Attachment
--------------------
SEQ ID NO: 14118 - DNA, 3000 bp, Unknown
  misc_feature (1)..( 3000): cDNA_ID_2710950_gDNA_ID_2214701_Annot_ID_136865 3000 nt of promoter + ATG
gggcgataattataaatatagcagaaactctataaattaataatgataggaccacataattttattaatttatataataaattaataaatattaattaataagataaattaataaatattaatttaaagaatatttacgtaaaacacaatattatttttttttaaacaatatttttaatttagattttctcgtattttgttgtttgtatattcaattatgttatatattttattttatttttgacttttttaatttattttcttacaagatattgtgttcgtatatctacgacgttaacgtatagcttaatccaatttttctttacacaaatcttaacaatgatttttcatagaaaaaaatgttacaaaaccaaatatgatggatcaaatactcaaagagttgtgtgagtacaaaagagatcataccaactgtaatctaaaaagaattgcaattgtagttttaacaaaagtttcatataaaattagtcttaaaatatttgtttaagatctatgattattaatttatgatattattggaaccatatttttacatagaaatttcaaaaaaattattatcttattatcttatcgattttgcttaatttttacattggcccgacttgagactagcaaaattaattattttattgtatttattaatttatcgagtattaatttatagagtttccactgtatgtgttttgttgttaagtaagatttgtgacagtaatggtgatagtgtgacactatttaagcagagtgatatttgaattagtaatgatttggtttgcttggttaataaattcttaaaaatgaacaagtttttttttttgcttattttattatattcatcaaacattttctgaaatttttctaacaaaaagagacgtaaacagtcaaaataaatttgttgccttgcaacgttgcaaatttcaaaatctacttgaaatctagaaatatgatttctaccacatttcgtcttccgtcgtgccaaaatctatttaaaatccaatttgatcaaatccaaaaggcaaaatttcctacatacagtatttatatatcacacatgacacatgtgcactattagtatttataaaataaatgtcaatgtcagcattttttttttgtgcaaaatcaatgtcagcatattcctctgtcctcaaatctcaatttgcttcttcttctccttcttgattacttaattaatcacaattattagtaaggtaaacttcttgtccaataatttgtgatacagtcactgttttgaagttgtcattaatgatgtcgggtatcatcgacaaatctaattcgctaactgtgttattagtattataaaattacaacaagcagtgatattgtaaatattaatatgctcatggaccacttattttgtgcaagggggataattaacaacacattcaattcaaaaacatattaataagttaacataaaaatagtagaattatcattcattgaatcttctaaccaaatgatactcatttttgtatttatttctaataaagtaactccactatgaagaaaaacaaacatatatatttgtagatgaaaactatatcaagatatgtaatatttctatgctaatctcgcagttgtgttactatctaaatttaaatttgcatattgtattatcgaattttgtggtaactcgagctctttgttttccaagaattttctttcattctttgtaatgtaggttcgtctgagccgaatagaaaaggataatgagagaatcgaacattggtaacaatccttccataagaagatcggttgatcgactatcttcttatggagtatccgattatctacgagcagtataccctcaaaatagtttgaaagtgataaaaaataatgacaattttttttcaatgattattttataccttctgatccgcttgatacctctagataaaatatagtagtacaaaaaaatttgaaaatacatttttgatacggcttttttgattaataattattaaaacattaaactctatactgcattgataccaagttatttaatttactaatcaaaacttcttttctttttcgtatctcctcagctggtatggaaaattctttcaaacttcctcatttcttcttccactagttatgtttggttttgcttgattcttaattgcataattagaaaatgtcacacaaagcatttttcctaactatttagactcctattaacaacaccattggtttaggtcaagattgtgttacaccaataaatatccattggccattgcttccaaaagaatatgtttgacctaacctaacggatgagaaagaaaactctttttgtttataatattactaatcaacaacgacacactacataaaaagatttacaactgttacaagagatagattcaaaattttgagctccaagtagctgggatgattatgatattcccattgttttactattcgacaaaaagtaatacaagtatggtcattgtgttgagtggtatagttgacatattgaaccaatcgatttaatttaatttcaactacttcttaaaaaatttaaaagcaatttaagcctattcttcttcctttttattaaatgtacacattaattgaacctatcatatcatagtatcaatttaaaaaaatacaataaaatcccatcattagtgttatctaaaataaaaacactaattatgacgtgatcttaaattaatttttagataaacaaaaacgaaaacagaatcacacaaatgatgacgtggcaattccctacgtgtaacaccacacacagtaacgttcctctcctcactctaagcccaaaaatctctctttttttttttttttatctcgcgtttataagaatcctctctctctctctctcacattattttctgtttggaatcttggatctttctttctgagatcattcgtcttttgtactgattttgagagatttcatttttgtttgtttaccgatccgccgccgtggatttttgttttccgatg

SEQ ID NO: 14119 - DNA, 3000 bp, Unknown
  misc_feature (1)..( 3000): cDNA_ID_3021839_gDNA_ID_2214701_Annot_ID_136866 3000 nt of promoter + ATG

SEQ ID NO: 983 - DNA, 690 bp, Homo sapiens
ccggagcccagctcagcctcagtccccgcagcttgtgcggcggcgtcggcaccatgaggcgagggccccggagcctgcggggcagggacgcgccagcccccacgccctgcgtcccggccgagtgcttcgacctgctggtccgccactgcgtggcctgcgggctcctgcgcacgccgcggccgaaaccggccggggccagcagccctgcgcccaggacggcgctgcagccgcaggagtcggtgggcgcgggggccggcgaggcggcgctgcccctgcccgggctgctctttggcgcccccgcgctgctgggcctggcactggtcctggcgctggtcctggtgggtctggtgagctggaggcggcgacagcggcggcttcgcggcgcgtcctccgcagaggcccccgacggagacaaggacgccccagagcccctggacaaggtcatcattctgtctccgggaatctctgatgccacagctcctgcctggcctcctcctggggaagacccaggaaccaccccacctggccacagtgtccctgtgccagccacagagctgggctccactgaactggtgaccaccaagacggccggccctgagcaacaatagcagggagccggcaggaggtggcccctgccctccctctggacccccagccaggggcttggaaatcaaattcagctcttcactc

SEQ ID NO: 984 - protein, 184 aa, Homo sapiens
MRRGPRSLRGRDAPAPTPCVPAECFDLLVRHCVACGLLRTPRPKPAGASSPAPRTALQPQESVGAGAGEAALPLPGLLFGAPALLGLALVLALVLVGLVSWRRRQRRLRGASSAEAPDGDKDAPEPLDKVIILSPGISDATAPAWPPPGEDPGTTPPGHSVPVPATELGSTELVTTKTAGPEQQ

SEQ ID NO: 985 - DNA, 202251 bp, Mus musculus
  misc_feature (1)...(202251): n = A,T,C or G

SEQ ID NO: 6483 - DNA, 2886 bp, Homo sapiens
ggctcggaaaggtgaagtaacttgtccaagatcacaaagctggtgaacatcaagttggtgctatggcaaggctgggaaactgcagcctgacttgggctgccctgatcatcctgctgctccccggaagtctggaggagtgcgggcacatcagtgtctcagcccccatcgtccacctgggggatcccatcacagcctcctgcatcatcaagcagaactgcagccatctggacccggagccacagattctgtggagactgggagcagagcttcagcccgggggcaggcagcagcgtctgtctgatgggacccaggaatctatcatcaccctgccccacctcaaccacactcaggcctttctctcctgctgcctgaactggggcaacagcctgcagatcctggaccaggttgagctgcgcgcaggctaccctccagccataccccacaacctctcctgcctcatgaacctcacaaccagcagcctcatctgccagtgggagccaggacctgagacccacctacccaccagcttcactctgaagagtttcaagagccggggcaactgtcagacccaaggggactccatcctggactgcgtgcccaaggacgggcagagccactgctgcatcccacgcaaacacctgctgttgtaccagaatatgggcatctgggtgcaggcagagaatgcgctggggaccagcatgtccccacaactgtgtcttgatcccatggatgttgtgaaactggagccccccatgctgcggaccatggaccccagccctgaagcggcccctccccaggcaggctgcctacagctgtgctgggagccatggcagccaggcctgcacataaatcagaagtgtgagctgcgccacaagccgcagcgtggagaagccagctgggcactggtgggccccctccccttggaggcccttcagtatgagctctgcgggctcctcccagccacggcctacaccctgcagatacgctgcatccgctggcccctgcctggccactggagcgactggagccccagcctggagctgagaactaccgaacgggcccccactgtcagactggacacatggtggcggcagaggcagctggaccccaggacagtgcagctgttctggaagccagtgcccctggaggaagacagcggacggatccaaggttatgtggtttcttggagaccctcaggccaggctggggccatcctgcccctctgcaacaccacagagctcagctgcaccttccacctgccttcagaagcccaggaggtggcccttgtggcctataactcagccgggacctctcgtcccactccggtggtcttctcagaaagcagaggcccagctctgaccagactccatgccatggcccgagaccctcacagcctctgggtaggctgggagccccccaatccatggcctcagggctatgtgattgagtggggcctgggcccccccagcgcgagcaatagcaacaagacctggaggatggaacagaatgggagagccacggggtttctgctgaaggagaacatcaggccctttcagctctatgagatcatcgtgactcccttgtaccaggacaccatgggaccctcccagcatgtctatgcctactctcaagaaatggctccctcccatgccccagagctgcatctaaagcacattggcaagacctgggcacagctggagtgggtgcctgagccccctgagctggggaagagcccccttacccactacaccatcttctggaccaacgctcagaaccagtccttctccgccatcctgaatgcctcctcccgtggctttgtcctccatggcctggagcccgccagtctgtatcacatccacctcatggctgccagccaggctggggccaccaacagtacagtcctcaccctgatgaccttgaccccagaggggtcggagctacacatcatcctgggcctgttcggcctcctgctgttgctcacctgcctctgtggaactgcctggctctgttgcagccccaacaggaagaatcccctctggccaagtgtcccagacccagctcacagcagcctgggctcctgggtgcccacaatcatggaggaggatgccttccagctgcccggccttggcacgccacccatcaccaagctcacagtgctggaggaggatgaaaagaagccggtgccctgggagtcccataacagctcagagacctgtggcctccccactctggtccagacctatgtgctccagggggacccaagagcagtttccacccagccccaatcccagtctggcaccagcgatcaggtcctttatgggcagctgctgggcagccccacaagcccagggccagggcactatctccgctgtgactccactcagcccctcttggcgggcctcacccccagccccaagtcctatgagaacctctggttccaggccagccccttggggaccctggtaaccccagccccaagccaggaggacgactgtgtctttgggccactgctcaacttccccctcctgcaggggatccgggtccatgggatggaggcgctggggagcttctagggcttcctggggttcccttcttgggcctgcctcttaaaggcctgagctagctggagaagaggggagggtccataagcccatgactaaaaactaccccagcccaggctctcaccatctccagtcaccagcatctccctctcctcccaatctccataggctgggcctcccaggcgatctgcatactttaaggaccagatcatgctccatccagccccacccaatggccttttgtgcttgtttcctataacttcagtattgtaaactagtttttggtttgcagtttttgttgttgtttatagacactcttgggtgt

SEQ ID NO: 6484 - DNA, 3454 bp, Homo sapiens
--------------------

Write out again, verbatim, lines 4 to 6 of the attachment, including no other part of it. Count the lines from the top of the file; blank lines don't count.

SEQ ID NO: 14119 - DNA, 3000 bp, Unknown
  misc_feature (1)..( 3000): cDNA_ID_3021839_gDNA_ID_2214701_Annot_ID_136866 3000 nt of promoter + ATG

SEQ ID NO: 983 - DNA, 690 bp, Homo sapiens